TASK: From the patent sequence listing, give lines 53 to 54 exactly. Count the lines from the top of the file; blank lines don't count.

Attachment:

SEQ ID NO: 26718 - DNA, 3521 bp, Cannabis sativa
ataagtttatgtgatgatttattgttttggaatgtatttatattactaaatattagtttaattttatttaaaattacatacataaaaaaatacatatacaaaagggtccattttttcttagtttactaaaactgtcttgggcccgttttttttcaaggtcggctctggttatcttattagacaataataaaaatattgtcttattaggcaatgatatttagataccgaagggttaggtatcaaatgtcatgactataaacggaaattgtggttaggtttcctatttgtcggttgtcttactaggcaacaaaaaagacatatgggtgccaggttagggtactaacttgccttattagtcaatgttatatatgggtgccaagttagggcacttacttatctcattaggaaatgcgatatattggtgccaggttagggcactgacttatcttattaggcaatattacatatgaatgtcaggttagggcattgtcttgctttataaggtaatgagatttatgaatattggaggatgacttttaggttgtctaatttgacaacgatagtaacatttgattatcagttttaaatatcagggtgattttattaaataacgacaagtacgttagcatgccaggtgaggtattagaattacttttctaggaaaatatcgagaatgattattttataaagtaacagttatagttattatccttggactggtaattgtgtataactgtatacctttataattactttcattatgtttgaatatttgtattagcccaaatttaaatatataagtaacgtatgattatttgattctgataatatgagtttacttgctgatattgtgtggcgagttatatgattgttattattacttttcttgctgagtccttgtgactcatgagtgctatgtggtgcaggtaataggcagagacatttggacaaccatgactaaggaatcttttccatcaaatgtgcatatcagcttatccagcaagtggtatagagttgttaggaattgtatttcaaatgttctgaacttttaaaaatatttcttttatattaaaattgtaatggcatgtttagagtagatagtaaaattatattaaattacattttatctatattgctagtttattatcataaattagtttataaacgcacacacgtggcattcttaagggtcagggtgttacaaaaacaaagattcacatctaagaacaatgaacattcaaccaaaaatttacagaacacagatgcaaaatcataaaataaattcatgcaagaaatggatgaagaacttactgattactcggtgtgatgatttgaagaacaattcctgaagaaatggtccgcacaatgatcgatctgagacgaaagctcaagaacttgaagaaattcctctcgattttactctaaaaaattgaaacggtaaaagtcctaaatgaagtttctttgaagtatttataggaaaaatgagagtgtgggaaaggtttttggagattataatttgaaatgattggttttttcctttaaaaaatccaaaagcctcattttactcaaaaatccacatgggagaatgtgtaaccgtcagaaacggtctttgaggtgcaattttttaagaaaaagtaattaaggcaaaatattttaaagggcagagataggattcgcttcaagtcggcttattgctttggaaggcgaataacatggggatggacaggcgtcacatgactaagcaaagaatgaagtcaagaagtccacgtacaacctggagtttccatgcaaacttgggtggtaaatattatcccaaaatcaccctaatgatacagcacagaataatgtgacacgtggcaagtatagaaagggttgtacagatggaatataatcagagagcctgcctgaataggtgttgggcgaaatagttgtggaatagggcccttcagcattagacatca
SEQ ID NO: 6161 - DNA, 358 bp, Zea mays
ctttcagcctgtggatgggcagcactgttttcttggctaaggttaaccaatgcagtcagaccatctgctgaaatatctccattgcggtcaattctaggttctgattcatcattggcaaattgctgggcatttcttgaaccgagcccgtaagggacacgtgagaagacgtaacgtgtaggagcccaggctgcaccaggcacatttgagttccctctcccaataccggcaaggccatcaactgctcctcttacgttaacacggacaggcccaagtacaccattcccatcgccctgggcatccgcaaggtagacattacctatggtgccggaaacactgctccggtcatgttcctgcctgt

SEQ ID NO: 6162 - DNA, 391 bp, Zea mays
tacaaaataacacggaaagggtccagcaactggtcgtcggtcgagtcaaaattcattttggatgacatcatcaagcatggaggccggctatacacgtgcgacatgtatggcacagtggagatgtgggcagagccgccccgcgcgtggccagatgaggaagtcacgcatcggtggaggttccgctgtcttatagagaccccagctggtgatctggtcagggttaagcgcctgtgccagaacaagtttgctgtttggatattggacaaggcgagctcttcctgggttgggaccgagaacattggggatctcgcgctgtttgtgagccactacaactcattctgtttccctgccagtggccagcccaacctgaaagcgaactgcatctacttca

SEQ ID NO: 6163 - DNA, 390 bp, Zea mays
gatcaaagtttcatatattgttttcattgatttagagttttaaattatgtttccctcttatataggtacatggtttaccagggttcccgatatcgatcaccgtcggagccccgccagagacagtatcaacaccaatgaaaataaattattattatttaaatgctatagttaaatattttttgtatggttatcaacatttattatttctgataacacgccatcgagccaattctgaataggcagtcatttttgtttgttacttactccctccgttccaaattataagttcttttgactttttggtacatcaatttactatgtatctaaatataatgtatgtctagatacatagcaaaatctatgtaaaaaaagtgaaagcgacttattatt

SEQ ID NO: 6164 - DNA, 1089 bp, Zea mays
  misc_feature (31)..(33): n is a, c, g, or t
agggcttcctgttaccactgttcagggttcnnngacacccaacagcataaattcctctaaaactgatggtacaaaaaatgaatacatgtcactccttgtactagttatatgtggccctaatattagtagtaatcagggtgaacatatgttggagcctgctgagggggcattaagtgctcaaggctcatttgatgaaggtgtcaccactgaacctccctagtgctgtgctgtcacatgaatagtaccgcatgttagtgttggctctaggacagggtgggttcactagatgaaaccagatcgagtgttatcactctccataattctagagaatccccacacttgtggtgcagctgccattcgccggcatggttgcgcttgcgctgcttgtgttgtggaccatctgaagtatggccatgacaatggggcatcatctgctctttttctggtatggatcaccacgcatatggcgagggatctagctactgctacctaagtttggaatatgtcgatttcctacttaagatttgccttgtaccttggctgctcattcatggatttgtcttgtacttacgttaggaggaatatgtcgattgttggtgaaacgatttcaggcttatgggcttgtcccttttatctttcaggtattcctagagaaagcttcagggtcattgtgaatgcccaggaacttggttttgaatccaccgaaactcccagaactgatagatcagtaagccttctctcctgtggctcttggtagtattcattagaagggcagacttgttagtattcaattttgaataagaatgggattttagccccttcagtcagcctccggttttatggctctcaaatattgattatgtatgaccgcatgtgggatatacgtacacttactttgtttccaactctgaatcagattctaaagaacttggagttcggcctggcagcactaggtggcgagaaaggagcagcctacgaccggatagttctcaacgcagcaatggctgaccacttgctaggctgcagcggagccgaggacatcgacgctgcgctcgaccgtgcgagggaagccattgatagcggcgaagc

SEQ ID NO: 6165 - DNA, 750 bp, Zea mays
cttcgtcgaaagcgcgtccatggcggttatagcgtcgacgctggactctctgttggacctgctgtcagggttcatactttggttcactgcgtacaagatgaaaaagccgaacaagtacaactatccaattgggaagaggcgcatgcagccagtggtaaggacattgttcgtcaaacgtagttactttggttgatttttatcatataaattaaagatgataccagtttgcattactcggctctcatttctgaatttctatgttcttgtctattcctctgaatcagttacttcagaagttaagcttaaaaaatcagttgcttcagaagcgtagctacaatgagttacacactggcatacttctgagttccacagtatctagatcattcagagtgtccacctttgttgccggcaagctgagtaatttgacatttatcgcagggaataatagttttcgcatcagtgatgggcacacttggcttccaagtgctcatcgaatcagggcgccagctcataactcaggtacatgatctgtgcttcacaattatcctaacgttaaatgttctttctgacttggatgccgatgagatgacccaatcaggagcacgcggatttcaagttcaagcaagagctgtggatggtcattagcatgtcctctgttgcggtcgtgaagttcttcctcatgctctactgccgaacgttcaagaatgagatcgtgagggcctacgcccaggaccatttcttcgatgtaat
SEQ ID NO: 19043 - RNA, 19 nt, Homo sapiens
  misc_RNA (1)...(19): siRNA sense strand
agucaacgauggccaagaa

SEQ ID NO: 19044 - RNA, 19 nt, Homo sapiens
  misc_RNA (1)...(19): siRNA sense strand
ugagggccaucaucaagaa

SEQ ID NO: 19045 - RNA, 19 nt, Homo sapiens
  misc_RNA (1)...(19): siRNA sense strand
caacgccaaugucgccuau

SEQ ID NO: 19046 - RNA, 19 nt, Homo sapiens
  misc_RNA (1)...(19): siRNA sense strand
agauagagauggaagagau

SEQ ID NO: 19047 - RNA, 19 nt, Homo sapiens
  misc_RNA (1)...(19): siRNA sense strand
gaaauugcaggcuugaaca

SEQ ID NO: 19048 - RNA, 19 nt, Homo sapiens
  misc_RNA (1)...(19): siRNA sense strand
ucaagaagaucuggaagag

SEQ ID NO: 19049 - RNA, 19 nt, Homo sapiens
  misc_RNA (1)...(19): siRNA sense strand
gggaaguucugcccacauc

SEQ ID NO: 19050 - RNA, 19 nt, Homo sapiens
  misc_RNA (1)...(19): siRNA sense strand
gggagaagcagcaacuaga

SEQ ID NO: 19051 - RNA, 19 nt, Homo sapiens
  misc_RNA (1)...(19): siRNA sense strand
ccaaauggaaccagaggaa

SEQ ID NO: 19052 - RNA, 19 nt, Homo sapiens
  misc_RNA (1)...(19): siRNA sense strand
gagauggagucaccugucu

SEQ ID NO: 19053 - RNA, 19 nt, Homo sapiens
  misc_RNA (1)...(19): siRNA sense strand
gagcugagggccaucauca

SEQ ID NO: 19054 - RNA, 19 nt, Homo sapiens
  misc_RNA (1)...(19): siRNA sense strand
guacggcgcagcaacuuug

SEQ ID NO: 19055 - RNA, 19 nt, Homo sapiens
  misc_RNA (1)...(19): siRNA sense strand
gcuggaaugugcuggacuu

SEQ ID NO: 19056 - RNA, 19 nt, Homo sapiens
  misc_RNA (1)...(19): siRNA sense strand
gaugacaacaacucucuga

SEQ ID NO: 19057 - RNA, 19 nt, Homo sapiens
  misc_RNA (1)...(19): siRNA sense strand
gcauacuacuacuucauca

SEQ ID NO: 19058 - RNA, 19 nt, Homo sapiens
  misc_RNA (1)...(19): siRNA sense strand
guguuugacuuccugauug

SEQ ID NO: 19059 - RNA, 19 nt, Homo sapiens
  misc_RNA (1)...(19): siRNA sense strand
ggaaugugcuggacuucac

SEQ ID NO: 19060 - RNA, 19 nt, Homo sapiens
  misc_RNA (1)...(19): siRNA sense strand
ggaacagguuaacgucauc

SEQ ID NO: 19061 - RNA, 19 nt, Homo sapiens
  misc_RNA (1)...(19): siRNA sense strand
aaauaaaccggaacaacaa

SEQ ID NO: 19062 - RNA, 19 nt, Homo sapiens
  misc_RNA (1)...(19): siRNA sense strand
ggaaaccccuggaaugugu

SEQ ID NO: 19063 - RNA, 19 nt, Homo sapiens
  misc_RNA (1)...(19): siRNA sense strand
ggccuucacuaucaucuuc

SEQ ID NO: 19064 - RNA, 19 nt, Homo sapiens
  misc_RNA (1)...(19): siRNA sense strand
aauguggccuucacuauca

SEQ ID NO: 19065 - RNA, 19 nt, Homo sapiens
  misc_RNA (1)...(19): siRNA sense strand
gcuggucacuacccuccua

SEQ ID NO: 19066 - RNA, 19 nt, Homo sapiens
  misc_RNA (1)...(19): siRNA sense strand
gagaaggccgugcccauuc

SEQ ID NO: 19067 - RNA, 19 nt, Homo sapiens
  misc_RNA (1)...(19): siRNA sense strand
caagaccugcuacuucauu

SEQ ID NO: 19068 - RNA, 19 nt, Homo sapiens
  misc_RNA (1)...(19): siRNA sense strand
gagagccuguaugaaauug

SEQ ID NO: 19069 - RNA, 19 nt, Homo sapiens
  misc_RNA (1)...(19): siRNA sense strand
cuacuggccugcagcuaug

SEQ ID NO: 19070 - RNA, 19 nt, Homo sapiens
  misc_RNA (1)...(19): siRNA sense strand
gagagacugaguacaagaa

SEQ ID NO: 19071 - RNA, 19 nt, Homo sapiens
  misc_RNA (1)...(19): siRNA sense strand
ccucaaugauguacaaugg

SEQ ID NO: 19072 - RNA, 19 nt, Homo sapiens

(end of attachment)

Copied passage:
SEQ ID NO: 19056 - RNA, 19 nt, Homo sapiens
  misc_RNA (1)...(19): siRNA sense strand